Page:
- Communification is a problem. Communification is the trend of all marketing to be reduced to comms (even though pricing is one of the biggest determinants of success). Equal weight should be given to diagnosis (e.g. customer and competitor research) and strategy and tactics (of which comms is ¼).
- Market orientation is a black hole. Meaning – don’t go in with your own ideas of what your brand is, or means, or is positioned. You are literally the worst person to assess your brand. The moment you signed your employment contract you lost all objective perspective. ‘Your perspective on your own brand isn’t just wrong, it’s dangerous’. Invest in customer research.
- Marketers are not the market. On a similar note, marketers are a weird bunch. We consume media differently from the rest of the population. We are not our customers. (again, invest in customer research)
- ‘There must be no mention of tactics in the strategy tent.’ If anyone interrupts your strategic planning with mention of tactics before you’ve ‘mapped the battlefield’, send them home without any tea.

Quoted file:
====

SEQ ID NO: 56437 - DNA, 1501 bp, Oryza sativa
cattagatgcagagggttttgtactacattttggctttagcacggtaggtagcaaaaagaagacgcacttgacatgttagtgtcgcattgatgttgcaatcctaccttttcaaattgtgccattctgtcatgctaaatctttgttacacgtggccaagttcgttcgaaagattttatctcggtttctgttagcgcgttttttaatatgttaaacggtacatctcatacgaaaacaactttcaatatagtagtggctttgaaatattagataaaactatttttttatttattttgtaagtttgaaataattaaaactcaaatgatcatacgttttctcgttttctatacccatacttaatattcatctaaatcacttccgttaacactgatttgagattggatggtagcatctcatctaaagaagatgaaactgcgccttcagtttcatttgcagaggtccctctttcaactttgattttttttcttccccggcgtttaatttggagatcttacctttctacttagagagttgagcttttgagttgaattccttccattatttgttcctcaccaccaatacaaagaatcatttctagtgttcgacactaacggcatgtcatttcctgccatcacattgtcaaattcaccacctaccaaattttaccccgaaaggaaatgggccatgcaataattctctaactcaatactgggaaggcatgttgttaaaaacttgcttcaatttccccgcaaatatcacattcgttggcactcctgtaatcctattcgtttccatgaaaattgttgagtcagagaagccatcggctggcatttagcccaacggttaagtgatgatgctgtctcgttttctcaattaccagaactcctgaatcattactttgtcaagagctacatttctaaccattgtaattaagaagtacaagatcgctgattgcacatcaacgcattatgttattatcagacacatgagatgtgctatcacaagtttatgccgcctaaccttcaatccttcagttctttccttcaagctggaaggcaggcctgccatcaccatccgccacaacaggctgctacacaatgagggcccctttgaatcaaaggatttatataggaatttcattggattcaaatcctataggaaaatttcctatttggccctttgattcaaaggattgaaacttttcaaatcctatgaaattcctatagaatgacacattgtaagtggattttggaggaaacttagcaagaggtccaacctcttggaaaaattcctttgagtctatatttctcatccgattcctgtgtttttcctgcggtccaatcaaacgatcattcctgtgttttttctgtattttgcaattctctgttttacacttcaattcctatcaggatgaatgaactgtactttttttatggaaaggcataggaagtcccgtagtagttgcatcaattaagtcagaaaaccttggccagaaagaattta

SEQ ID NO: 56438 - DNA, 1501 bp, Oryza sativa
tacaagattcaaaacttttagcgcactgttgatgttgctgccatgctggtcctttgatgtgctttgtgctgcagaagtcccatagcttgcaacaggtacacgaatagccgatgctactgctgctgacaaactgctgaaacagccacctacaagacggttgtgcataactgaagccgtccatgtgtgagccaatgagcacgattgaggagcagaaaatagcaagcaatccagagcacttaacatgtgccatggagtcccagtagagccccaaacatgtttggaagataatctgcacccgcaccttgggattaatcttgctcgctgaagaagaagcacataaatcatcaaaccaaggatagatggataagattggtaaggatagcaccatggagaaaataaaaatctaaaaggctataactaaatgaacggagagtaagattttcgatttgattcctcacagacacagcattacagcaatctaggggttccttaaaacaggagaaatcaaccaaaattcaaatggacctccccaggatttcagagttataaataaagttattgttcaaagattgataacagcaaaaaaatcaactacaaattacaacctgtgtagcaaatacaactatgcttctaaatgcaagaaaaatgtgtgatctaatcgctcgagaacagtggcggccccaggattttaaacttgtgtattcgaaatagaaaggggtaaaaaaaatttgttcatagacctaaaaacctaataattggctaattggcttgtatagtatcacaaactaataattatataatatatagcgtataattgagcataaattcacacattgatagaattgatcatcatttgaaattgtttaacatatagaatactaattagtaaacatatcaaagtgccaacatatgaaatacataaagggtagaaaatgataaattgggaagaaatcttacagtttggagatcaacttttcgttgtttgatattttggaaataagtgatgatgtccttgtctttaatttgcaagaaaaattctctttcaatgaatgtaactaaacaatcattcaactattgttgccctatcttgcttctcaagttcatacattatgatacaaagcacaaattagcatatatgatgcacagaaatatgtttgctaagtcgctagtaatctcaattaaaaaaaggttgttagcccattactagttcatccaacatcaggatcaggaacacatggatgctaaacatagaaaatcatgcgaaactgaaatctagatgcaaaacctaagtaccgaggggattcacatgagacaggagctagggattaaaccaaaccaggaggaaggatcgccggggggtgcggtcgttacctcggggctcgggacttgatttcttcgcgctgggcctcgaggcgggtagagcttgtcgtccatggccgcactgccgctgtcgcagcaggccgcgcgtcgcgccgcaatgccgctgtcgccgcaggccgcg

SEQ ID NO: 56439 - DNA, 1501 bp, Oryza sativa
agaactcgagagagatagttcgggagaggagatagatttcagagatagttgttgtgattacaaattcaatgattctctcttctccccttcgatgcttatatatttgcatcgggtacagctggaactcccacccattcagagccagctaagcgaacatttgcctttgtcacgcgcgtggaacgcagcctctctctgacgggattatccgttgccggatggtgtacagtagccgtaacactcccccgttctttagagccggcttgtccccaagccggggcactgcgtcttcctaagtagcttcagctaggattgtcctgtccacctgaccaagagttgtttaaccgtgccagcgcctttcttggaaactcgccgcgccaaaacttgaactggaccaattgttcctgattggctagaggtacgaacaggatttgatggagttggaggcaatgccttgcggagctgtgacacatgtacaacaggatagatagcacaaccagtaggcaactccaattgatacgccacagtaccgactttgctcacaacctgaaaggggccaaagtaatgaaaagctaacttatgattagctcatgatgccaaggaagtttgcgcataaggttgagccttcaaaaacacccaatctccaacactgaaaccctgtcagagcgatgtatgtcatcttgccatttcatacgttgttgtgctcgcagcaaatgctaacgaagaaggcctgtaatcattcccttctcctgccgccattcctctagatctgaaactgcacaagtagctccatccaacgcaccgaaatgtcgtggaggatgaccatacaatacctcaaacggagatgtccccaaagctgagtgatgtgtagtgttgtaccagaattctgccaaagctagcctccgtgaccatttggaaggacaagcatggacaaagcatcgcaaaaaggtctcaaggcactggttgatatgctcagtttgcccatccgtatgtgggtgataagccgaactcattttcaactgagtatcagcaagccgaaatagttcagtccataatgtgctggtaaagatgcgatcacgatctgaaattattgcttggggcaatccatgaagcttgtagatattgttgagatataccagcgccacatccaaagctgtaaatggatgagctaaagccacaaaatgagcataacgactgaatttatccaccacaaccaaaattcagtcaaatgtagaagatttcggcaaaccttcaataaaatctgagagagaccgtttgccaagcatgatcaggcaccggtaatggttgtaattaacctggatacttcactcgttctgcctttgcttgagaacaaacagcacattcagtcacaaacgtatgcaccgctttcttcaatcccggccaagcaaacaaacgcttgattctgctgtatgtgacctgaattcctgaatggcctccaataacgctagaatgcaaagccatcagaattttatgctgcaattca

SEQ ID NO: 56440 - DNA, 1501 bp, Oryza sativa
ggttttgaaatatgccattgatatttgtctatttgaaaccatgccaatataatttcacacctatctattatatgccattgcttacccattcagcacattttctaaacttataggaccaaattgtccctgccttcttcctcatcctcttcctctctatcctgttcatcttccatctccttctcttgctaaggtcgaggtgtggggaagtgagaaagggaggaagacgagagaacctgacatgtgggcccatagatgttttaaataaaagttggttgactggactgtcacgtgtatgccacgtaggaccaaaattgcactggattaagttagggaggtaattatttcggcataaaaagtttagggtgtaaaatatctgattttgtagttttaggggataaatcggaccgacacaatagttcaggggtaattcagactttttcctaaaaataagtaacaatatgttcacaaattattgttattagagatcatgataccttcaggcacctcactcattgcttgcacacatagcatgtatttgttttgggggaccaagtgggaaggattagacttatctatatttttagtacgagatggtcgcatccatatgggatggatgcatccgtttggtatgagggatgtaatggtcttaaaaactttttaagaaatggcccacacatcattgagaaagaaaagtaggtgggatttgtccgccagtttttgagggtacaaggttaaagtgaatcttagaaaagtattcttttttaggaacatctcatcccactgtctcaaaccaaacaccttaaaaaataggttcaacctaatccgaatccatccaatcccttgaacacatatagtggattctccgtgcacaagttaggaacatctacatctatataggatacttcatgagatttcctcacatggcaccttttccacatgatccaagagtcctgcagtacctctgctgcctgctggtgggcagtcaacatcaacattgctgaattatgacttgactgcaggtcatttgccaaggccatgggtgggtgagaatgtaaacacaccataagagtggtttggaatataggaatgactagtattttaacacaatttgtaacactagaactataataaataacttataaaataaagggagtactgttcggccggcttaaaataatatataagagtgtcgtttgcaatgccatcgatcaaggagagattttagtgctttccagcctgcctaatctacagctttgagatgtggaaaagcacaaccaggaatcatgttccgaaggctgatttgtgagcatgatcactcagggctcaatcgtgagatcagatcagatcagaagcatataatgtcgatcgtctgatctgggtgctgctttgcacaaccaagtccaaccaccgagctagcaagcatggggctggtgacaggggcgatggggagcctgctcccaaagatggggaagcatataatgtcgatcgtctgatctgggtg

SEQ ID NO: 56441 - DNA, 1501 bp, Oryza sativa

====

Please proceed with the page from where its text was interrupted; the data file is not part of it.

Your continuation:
- A good strategy is one with 1-2 objectives. “D-Day was nine months of planning translated to half a slip of paper for the soldiers”.
- Plan on a 12 month basis. “…we need less agility, motherfucker – we need agility like a 3rd nipple…”
Targeting and penetration are not binary. Big debate between him and Byron Sharp on this. Conclusion? They’re both right. Sales activation and brand building must happen at the same time.
You have two goals – 1. Do all our target market know about us? 2. What do I want to stand for in my customers mind? You have a maximum of three things, deliver against those three things again and again, and you’ll grow.
Finally, brands are tiny, tiny things. Don’t get above yourself. Your customers aren’t anywhere near as engaged as you are with your brand. Accept that truth, and your marketing will perform better.
Finally, Mark Ritson is convinced that The Long and the Short of It is the classic marketing text of our time.
Final talk: Martin Weigel
Wieden and Kennedy’s head of planning is not happy with the state of advertising. ‘We are creating for audiences that do not exist’ – we create these customer persona’s with jargon-filled explainers and no real research, no empathy and no experience of the real world. We agency types need to go eat chips in Blackpool, we need to read fiction like Guy Gunaratne’s In Our Mad and Furious City, and we need to do work that adds to life, and doesn’t simply take.
It was an impassioned plea for advertisers and marketers to take seriously the work that they put out into the world.
As I say, so much rich detail from each talk that it’s difficult to do it all justice.
Suffice to say, if you get the opportunity to see any of the above talks, do so.
I’m off to Weston Super Mare for a chip butty.
This piece was originally published on LinkedIn.